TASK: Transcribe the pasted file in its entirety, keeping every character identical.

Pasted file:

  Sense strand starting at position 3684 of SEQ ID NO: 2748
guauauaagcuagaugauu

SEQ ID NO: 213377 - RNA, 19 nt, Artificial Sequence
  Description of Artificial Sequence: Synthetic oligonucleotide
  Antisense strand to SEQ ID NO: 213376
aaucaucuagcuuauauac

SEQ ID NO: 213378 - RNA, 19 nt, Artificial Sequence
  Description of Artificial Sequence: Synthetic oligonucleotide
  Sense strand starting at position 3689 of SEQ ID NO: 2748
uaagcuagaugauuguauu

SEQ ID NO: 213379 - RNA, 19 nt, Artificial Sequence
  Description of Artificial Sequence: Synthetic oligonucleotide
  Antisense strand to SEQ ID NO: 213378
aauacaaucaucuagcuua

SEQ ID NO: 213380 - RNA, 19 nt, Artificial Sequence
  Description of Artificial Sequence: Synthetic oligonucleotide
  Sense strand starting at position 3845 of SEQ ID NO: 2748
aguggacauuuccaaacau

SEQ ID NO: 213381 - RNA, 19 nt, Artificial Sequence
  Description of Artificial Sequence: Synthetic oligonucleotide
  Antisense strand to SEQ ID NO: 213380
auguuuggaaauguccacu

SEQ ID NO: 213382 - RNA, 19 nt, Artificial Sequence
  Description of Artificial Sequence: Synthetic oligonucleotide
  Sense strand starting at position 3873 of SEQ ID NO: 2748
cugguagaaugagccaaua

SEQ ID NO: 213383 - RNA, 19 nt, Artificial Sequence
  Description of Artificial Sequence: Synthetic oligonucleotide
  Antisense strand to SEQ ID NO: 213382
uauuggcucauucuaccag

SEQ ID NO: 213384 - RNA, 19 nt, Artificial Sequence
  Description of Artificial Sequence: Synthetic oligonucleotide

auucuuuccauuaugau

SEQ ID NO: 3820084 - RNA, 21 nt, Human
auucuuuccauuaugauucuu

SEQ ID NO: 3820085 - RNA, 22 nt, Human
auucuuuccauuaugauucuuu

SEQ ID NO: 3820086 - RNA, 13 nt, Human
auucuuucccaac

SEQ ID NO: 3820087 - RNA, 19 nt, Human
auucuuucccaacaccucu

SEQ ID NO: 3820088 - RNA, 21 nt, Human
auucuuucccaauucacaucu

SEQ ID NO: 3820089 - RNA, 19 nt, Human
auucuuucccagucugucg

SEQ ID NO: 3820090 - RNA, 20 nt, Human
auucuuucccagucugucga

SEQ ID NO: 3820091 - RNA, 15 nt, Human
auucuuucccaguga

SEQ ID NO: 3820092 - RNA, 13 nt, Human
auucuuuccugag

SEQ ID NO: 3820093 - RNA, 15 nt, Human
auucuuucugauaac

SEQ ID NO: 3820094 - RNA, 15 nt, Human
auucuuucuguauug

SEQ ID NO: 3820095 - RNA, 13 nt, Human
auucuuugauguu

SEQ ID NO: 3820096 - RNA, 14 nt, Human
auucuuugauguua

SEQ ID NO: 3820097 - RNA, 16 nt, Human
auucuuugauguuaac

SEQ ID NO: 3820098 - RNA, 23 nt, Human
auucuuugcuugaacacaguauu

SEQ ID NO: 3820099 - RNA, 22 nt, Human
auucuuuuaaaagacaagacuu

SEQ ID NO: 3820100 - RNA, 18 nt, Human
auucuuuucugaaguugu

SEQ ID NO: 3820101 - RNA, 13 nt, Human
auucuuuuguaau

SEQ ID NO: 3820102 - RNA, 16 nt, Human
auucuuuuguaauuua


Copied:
  Sense strand starting at position 3684 of SEQ ID NO: 2748
guauauaagcuagaugauu

SEQ ID NO: 213377 - RNA, 19 nt, Artificial Sequence
  Description of Artificial Sequence: Synthetic oligonucleotide
  Antisense strand to SEQ ID NO: 213376
aaucaucuagcuuauauac

SEQ ID NO: 213378 - RNA, 19 nt, Artificial Sequence
  Description of Artificial Sequence: Synthetic oligonucleotide
  Sense strand starting at position 3689 of SEQ ID NO: 2748
uaagcuagaugauuguauu

SEQ ID NO: 213379 - RNA, 19 nt, Artificial Sequence
  Description of Artificial Sequence: Synthetic oligonucleotide
  Antisense strand to SEQ ID NO: 213378
aauacaaucaucuagcuua

SEQ ID NO: 213380 - RNA, 19 nt, Artificial Sequence
  Description of Artificial Sequence: Synthetic oligonucleotide
  Sense strand starting at position 3845 of SEQ ID NO: 2748
aguggacauuuccaaacau

SEQ ID NO: 213381 - RNA, 19 nt, Artificial Sequence
  Description of Artificial Sequence: Synthetic oligonucleotide
  Antisense strand to SEQ ID NO: 213380
auguuuggaaauguccacu

SEQ ID NO: 213382 - RNA, 19 nt, Artificial Sequence
  Description of Artificial Sequence: Synthetic oligonucleotide
  Sense strand starting at position 3873 of SEQ ID NO: 2748
cugguagaaugagccaaua

SEQ ID NO: 213383 - RNA, 19 nt, Artificial Sequence
  Description of Artificial Sequence: Synthetic oligonucleotide
  Antisense strand to SEQ ID NO: 213382
uauuggcucauucuaccag

SEQ ID NO: 213384 - RNA, 19 nt, Artificial Sequence
  Description of Artificial Sequence: Synthetic oligonucleotide

auucuuuccauuaugau

SEQ ID NO: 3820084 - RNA, 21 nt, Human
auucuuuccauuaugauucuu

SEQ ID NO: 3820085 - RNA, 22 nt, Human
auucuuuccauuaugauucuuu

SEQ ID NO: 3820086 - RNA, 13 nt, Human
auucuuucccaac

SEQ ID NO: 3820087 - RNA, 19 nt, Human
auucuuucccaacaccucu

SEQ ID NO: 3820088 - RNA, 21 nt, Human
auucuuucccaauucacaucu

SEQ ID NO: 3820089 - RNA, 19 nt, Human
auucuuucccagucugucg

SEQ ID NO: 3820090 - RNA, 20 nt, Human
auucuuucccagucugucga

SEQ ID NO: 3820091 - RNA, 15 nt, Human
auucuuucccaguga

SEQ ID NO: 3820092 - RNA, 13 nt, Human
auucuuuccugag

SEQ ID NO: 3820093 - RNA, 15 nt, Human
auucuuucugauaac

SEQ ID NO: 3820094 - RNA, 15 nt, Human
auucuuucuguauug

SEQ ID NO: 3820095 - RNA, 13 nt, Human
auucuuugauguu

SEQ ID NO: 3820096 - RNA, 14 nt, Human
auucuuugauguua

SEQ ID NO: 3820097 - RNA, 16 nt, Human
auucuuugauguuaac

SEQ ID NO: 3820098 - RNA, 23 nt, Human
auucuuugcuugaacacaguauu

SEQ ID NO: 3820099 - RNA, 22 nt, Human
auucuuuuaaaagacaagacuu

SEQ ID NO: 3820100 - RNA, 18 nt, Human
auucuuuucugaaguugu

SEQ ID NO: 3820101 - RNA, 13 nt, Human
auucuuuuguaau

SEQ ID NO: 3820102 - RNA, 16 nt, Human
auucuuuuguaauuua